Reduced Use, Then Recycle to Others Use

One of the other reasons that I know its time to refresh my phone library is that it has been a long time since giving my mobiles away to someone else. I usually don’t like to keep a phone around very long before giving it to someone else in reasonable condition for them to use and explore. Certainly with smartphones, there’s a lot of education that happens when you can just gift someone a phone and teach them on how to use a smartphone economically.

Generally speaking, I don’t keep phones that aren’t usable. My X6, despite its blacked out screen, is actually usable. I’m sending that though to a Nokia Recycle center as its base tech can be reused for new phones. Maybe even there’s someone there who’d simply fix the screen and then give it to someone else in need. That is how it should be at least.

Why More Than One Phone Anyways

Most of my family and friends would ask me this question often, and then I point to shoes. You’d have more than one pair of those for different occasions, why not phones? Being able to swap a SIM card in and out of a phone as I choose means that I also have the ability to pick phones that best suit my needs and moods.

If I chose my stable of phones wrong, it could be a hassle. Making sure that contacts and calendar items are synced has been an issue from time to time – but Nokia’s Phone Switch application and Ovi services usually keep things intact (yes, Google can also work). These days, there are very few apps that I need (Evernote and Sports Tracker immediately come to mind), as most of everything else that’s not music is stored online.

I’ve also got the other issue of managing MMM. Between email, a separate address book, Twitter, and WordPress, I need the primary to keep me on task, and the backup to not let me get too far behind. Any new mobile has to start from there, and then the backup needs to continue to juice so to speak.

In a sense, the stable of mobiles that I keep tends to be this malleable wardrobe of technology. It will be grea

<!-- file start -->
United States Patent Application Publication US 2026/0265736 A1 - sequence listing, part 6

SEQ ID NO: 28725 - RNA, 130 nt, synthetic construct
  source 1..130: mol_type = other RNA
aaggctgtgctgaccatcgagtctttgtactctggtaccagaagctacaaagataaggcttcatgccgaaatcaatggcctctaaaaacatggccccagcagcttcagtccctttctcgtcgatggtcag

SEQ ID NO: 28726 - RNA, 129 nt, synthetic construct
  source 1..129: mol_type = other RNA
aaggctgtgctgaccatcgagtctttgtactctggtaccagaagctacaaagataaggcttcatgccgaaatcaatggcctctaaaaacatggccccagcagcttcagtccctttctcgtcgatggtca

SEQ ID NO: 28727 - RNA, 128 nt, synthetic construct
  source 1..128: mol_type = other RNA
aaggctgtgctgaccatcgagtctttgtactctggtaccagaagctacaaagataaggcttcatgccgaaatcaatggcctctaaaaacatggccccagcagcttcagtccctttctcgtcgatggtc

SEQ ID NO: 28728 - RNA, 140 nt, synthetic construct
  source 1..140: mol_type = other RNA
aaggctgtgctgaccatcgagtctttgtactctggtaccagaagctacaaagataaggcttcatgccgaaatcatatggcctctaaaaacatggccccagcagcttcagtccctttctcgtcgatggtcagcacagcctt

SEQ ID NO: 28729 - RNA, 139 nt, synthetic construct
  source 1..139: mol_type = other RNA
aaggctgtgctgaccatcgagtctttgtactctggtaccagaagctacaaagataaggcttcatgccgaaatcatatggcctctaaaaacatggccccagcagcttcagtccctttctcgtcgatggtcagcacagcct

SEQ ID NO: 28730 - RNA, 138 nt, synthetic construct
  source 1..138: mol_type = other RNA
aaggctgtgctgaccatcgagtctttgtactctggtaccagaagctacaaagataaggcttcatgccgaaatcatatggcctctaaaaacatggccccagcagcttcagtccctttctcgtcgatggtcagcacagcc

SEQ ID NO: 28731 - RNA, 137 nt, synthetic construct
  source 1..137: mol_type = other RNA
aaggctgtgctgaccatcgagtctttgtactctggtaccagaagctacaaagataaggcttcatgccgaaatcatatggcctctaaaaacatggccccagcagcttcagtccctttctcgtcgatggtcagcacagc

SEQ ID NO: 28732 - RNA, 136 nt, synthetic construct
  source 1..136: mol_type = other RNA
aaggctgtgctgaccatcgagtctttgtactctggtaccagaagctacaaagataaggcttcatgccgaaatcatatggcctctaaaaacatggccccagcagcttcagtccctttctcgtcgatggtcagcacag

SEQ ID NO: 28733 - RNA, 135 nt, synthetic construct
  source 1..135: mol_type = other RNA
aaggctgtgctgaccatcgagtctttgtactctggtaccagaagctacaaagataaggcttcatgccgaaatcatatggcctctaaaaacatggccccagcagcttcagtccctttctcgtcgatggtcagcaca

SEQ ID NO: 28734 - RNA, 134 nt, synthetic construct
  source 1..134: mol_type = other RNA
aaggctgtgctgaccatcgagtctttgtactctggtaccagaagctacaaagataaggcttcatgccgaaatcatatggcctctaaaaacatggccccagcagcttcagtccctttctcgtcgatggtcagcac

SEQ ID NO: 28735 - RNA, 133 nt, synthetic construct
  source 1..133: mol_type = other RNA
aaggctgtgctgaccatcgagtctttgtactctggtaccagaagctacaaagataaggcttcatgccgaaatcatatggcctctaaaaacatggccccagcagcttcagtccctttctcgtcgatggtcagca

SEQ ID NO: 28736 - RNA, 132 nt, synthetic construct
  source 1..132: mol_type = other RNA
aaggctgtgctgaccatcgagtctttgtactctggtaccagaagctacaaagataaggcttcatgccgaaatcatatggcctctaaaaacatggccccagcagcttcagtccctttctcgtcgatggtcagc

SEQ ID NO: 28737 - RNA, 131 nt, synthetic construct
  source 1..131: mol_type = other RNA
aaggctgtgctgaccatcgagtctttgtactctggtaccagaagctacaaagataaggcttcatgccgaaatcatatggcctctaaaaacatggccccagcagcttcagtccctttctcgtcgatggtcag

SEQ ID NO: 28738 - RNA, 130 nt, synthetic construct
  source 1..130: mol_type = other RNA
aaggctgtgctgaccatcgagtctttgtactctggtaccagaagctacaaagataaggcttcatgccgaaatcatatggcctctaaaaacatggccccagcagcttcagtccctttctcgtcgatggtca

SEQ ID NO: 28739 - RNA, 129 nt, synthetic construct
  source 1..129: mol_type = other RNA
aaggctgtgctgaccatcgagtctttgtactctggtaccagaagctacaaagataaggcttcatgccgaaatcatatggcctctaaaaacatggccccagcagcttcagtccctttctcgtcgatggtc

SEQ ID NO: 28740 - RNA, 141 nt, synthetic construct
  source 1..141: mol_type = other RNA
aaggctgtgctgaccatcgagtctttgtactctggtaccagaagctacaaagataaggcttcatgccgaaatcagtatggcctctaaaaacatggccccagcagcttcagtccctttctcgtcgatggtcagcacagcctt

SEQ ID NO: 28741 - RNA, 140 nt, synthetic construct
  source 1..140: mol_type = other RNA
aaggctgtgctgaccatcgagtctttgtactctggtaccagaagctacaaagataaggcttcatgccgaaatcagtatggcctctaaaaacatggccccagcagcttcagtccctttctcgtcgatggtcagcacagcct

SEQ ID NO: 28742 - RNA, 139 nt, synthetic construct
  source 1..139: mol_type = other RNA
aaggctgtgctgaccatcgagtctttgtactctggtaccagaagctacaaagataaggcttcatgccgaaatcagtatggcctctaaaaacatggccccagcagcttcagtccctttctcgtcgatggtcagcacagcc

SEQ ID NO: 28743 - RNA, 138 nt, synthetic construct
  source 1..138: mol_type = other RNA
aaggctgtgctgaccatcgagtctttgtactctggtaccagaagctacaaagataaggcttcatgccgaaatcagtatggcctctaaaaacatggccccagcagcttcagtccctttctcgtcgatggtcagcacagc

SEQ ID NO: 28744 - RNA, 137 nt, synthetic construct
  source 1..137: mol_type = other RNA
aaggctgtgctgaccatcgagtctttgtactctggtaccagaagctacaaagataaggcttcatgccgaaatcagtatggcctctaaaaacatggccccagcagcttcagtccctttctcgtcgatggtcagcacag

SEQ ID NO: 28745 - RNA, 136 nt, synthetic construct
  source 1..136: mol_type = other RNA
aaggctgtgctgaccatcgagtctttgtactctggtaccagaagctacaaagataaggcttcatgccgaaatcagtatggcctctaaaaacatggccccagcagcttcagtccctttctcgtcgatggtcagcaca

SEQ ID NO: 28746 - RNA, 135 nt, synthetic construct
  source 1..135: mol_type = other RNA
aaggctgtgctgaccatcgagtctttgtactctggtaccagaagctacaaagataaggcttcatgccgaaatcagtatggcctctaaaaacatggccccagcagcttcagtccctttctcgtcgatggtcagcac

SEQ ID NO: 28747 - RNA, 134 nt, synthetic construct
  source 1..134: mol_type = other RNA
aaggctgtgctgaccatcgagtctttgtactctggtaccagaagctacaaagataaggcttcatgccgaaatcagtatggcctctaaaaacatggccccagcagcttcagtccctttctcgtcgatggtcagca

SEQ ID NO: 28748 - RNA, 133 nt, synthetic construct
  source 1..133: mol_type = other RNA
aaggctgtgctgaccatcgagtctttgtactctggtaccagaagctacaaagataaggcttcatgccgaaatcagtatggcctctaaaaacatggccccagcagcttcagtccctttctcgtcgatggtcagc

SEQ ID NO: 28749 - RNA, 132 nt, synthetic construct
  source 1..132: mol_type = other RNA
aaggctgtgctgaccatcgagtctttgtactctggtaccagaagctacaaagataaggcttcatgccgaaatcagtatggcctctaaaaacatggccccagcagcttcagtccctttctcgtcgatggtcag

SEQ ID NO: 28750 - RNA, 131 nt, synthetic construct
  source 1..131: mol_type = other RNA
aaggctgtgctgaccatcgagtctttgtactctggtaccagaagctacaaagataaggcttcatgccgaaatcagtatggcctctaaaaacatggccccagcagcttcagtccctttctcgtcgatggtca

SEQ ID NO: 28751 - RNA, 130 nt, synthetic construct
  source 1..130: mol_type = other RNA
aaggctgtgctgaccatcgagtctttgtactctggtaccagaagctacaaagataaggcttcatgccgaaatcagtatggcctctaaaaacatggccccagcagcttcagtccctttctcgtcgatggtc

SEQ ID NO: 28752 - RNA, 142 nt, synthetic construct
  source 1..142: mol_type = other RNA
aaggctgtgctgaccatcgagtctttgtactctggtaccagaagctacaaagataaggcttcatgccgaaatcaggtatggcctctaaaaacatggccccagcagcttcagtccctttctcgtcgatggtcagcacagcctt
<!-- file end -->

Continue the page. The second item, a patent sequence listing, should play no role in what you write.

It Will Be a While

I never have done a refresh all at one time. There’s always a slow change that happens. And I’m fine with that. I’ve got to figure out where my old devices will go, and how to best teach folks how to use them. After that, its about getting the funds for new(er) devices. The N9 might cost up to $600, and the Palm Pre 2 is already out at $470. There’s no incentive to getting them on-contract either since I’ve got an unlimited data plan that I don’t want to give up (without a fight).

Thing is, I’m thinking and planning about it. And this is a good thing. How I go forward with mobile changes when I do this refreshing. It should be interesting to see what happens.

5 thoughts on “Considering How to Refresh My Phone Library

  1. I’ve been liking what I see of the Nokia C6-01. Seems to me to be a good way of getting one’s feet wet checking out the new Symbian OS. At the same time, though, if you’re really wanting to pushing the limits of what can be done with a mobile (and I’m thinking you may be the one to be able to do that) you might as well wait for the N9 🙂

  2. Hehehe, well, the primary device is always meant to push – and so the N9 speaks very well for me there. The backup device is something that usually needs to just work simply – and tends to be the device that helps others around me understand mobile in their lives a bit better.

    Don’t know what will happen yet, but am totally thinking towards what’s next. Thanks for commenting 🙂